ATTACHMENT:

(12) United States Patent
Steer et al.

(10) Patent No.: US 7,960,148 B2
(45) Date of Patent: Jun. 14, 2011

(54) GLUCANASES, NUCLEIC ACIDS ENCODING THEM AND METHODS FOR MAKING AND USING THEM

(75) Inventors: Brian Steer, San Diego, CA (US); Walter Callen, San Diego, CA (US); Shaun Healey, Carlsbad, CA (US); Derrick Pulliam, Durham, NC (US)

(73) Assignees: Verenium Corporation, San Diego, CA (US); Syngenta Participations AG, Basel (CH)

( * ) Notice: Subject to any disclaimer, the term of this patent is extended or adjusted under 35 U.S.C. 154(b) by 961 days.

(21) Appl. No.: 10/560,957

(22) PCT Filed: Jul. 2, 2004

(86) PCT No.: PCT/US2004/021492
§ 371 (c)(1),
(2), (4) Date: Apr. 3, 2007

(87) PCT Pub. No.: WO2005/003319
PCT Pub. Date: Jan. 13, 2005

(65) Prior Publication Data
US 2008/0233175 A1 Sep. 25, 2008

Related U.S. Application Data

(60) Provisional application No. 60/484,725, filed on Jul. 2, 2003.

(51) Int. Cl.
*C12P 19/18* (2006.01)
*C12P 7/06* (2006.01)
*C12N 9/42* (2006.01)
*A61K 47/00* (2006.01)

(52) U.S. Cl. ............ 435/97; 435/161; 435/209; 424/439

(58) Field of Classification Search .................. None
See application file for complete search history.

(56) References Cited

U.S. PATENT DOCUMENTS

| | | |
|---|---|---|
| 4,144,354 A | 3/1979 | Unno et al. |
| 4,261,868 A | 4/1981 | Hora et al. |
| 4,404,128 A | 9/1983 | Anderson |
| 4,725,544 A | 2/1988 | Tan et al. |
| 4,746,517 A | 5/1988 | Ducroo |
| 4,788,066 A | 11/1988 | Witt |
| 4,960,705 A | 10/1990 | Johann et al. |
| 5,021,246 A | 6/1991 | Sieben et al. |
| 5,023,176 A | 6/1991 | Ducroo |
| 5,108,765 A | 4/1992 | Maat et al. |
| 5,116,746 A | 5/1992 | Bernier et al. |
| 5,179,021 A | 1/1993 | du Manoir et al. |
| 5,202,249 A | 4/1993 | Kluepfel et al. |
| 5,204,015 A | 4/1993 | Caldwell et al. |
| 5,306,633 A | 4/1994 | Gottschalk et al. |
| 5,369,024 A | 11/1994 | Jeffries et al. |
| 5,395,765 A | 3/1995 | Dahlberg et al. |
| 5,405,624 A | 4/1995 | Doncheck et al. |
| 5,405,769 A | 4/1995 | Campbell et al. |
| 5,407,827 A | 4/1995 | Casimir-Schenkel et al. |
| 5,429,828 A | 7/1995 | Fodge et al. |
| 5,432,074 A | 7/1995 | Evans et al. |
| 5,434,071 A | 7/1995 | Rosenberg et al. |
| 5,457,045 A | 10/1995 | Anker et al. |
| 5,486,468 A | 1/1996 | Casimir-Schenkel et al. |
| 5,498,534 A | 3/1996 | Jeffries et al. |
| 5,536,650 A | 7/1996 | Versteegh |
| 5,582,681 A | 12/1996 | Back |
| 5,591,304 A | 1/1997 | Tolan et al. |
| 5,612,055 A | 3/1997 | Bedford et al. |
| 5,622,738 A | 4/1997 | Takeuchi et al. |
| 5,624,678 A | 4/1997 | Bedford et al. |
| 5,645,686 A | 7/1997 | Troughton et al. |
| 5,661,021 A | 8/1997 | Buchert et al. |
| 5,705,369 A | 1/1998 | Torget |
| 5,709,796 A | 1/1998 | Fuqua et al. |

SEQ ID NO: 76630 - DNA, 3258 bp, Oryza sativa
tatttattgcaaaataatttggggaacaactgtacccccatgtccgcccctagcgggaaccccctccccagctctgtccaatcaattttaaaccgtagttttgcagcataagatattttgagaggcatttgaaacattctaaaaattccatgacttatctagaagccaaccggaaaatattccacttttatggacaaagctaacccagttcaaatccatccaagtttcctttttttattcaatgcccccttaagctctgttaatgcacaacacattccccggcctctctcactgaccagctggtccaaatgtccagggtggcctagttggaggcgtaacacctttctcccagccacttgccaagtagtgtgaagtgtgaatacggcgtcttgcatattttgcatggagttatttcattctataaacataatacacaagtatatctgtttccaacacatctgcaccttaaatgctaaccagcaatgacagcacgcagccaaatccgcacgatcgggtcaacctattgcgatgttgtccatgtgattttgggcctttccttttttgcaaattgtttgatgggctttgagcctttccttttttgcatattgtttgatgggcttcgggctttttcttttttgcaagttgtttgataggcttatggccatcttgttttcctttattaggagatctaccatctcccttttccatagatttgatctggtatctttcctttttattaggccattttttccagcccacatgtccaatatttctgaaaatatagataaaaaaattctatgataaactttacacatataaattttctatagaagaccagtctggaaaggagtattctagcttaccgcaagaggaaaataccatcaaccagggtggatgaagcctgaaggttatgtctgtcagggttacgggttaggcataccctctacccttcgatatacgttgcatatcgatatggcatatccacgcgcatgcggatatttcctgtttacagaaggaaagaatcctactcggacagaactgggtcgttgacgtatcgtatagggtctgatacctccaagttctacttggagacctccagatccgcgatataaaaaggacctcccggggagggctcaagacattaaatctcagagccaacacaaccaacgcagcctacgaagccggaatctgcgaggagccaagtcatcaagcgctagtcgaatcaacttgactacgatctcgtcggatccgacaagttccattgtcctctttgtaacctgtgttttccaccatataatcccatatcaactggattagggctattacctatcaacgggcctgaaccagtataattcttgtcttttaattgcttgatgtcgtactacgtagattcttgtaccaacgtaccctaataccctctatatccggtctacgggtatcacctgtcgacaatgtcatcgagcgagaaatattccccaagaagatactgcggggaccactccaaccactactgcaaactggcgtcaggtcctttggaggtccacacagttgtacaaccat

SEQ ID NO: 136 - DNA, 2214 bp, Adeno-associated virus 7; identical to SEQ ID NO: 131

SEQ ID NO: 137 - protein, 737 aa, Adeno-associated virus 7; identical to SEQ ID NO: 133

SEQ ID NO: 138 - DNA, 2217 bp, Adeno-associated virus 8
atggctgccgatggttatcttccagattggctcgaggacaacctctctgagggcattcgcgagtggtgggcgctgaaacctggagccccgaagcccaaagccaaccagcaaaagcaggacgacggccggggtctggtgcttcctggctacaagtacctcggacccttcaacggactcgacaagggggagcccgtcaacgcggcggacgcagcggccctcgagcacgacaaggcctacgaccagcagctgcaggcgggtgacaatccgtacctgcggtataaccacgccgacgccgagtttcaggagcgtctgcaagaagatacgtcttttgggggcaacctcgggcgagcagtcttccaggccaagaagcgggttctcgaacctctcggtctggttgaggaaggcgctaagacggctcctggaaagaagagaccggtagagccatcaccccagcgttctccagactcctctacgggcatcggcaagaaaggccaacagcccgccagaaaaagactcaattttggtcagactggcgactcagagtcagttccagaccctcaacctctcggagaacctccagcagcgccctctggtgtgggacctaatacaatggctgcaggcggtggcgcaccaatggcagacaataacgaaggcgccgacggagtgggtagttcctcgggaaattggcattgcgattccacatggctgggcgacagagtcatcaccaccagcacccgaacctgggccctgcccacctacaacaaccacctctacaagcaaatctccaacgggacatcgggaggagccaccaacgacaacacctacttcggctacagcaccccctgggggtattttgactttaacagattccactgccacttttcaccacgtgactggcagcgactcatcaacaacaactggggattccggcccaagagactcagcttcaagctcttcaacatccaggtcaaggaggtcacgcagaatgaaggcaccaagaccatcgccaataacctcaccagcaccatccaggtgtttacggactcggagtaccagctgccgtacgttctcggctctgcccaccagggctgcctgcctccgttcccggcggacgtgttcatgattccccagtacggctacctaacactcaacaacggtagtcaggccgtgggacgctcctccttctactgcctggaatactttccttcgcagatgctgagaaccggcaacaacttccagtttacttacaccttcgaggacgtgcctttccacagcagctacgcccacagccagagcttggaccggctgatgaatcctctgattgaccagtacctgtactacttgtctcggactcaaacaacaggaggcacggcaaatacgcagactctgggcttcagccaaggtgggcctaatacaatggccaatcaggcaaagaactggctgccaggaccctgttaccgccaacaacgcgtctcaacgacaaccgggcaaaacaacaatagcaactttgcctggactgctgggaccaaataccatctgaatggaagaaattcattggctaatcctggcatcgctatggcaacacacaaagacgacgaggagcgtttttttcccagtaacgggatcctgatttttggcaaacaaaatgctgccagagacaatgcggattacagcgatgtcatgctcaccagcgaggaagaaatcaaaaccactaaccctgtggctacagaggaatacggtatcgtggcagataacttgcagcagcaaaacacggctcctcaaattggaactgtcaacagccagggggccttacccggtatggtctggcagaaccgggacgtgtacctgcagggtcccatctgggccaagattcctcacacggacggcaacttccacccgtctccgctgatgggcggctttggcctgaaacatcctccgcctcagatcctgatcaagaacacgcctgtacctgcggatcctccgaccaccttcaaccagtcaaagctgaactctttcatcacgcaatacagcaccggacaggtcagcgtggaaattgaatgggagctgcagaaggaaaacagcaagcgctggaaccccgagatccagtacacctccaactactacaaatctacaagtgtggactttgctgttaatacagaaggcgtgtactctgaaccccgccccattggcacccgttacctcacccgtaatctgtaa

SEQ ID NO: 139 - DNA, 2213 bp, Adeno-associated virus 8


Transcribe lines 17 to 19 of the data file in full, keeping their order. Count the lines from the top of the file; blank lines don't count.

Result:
US 2008/0233175 A1 Sep. 25, 2008

Related U.S. Application Data

(60) Provisional application No. 60/484,725, filed on Jul. 2, 2003.